• Google is a pioneer in federated learning and consequently also in federated analytics. It has been applying it for 5 years to its GBoard keyboard on Android mobile phones. When Gboard displays a suggested query, the smartphone stores locally information about the current context and whether you clicked on the suggestion. Federated learning processes that history on the device to suggest improvements for the next iteration of Gboard’s query suggestion model. In this way, data stored on the mobile device is processed on the mobile device, and its analytics allow the app to be trained locally, without the need to have shared that information in the server cloud, thus ensuring the privacy of that data.
  • Electronic Coin Company developed in 2016 the cryptocurrency known as Zcash, which enjoys complete anonymity in transactions on the Blockchain network. This has to do with the fact that its operations are carried out under zero-knowledge codes activated by algorithms of the zk-SNARK type, which allows the sender to validate a given transaction, the recipient and its amount before the network without revealing any kind of information. For this reason, Zcash transactions are fast, secure and confidential, and operate with low transaction costs of 0.0001 Zcash.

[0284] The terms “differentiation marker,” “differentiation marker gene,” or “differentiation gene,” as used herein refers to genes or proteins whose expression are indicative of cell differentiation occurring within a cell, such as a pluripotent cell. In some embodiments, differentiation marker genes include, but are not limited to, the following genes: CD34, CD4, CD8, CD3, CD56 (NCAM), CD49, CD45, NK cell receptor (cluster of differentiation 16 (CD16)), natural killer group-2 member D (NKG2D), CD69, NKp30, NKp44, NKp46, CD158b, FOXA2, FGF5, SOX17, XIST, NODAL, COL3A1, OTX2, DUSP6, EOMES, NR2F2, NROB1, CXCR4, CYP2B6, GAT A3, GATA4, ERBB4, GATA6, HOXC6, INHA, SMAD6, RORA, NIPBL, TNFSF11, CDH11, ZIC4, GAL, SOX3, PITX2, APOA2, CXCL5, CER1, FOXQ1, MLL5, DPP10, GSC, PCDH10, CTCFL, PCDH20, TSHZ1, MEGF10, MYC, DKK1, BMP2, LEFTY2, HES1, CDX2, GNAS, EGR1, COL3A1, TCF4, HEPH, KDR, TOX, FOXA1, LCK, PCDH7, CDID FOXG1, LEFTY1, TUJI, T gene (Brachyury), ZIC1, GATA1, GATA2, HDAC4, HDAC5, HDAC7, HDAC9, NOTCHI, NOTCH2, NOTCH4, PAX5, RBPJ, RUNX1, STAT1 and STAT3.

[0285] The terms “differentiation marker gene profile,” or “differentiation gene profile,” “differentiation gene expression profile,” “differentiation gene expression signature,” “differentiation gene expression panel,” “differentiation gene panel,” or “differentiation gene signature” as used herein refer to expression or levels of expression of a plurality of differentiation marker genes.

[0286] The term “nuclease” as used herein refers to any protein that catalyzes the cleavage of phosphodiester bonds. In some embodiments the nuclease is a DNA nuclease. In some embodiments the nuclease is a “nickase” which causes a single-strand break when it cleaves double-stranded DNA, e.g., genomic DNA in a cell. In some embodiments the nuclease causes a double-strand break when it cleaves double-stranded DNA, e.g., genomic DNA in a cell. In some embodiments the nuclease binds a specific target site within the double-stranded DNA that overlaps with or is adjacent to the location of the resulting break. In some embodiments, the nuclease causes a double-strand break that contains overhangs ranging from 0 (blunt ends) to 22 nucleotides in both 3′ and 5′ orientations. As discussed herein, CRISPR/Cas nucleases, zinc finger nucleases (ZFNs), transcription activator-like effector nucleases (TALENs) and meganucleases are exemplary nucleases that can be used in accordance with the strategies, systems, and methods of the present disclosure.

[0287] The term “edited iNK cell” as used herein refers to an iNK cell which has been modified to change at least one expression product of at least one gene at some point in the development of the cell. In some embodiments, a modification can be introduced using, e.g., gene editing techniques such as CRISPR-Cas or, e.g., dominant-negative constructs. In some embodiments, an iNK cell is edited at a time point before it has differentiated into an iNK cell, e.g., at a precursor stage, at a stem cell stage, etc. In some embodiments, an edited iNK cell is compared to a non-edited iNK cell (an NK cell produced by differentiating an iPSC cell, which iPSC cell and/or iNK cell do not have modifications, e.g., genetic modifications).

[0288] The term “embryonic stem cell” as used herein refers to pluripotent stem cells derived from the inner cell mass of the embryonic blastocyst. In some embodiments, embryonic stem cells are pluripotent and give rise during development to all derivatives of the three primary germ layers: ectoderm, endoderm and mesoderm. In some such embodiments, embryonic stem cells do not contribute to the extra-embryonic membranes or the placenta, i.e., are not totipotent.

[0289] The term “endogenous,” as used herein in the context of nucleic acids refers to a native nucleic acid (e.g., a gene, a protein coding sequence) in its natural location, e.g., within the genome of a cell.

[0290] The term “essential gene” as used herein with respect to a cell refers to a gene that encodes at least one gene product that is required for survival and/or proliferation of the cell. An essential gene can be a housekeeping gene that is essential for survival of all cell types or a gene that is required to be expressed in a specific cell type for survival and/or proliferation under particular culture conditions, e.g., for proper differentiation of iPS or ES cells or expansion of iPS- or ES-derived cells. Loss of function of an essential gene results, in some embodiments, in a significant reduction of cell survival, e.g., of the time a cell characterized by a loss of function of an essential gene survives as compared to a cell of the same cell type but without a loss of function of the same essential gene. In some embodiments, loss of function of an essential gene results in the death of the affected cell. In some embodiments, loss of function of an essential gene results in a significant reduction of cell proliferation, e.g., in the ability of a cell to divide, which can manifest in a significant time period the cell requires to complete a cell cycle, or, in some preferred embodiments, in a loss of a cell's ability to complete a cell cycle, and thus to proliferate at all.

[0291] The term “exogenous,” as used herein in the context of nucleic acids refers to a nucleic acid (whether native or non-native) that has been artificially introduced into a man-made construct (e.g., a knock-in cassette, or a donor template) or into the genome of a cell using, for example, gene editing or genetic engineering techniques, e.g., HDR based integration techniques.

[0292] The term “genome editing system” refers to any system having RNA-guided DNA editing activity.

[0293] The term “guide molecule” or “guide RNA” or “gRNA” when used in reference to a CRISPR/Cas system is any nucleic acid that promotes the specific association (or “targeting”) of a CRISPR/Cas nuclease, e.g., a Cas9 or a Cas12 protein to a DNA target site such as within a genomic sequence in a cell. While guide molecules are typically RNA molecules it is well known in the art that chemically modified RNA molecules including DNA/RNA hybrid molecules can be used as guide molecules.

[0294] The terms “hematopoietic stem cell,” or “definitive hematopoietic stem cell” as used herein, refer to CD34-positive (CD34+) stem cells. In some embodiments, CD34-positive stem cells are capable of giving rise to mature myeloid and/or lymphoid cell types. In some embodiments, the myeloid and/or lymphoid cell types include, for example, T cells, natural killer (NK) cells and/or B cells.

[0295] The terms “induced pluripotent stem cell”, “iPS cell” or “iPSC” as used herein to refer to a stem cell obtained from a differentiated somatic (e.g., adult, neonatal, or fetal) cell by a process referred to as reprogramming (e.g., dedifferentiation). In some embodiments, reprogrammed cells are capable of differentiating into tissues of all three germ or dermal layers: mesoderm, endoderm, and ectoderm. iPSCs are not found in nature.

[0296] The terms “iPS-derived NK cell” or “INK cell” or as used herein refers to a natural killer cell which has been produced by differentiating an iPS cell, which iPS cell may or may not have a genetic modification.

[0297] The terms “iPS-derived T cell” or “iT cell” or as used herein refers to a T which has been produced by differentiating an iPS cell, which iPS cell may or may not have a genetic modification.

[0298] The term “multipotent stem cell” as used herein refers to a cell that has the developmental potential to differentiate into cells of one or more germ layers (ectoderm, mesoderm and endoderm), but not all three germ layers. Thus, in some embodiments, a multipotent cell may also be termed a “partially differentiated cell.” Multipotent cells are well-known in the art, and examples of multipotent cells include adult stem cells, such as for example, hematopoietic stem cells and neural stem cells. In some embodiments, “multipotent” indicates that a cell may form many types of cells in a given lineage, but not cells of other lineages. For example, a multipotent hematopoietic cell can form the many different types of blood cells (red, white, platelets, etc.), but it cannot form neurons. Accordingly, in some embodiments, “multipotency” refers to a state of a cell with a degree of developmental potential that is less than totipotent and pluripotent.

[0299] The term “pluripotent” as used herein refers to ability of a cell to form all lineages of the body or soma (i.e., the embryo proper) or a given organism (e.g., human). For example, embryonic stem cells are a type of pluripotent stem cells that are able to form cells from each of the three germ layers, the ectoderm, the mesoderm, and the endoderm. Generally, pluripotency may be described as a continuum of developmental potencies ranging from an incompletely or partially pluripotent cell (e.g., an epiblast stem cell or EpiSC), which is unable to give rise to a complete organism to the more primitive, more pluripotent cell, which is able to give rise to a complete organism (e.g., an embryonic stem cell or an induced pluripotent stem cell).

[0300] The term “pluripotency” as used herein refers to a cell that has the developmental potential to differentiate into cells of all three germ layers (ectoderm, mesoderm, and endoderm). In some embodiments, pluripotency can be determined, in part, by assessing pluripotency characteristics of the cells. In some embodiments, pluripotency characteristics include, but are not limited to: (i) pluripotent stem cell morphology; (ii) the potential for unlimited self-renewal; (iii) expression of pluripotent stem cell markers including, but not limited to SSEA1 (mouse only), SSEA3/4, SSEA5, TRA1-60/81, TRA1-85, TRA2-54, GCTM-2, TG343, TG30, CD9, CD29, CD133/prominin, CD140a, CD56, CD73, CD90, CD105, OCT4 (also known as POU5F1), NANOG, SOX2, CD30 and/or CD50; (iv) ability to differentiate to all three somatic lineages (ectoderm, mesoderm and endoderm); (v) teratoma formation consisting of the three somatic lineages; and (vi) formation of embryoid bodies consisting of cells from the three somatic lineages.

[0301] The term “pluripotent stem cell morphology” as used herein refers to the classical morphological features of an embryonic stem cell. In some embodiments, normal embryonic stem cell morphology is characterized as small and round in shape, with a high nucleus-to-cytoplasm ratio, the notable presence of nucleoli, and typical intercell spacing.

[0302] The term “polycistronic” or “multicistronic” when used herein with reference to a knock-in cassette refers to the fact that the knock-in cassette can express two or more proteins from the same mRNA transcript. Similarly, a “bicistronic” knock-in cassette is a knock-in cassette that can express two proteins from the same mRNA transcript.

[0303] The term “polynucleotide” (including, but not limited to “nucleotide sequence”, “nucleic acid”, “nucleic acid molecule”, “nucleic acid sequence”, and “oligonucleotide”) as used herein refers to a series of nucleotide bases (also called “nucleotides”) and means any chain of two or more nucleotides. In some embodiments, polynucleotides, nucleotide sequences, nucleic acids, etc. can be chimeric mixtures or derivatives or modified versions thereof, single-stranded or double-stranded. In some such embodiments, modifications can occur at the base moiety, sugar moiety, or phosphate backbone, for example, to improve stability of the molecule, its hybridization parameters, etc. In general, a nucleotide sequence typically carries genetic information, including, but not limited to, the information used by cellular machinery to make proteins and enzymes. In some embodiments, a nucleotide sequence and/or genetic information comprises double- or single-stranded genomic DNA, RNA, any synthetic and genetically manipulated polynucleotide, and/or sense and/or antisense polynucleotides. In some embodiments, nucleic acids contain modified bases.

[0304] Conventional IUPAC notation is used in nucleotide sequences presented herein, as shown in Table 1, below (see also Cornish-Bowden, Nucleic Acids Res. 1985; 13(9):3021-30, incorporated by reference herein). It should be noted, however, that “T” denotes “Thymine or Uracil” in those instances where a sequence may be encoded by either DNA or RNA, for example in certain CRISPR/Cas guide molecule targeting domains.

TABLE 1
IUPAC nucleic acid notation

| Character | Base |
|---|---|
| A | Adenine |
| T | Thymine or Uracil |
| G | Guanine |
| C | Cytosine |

To conclude, it can be said that PECs have undergone a substantial evolution in a short period of time. A number of emerging techniques have been added, displacing the original privacy-enhancing techniques, which hardly offered a satisfactory answer. The new ones, on the contrary, offer more optimised protection with various kinds of solutions: analysis on encrypted data, generation of a trusted environment for data sharing, and decentralised analysis.

The picture that opens up for the new PECs is a context in which the value of data is maximised, while it is kept hidden from data handlers and their partners, so that companies are getting closer and closer to analysing all kinds of data without violating users’ privacy.

The next step is the adoption of this set of innovations, which is happening now in large companies, which are testing and refining their own models. In five years’ time, probably more than half will have fully integrated them into their Big Data processes.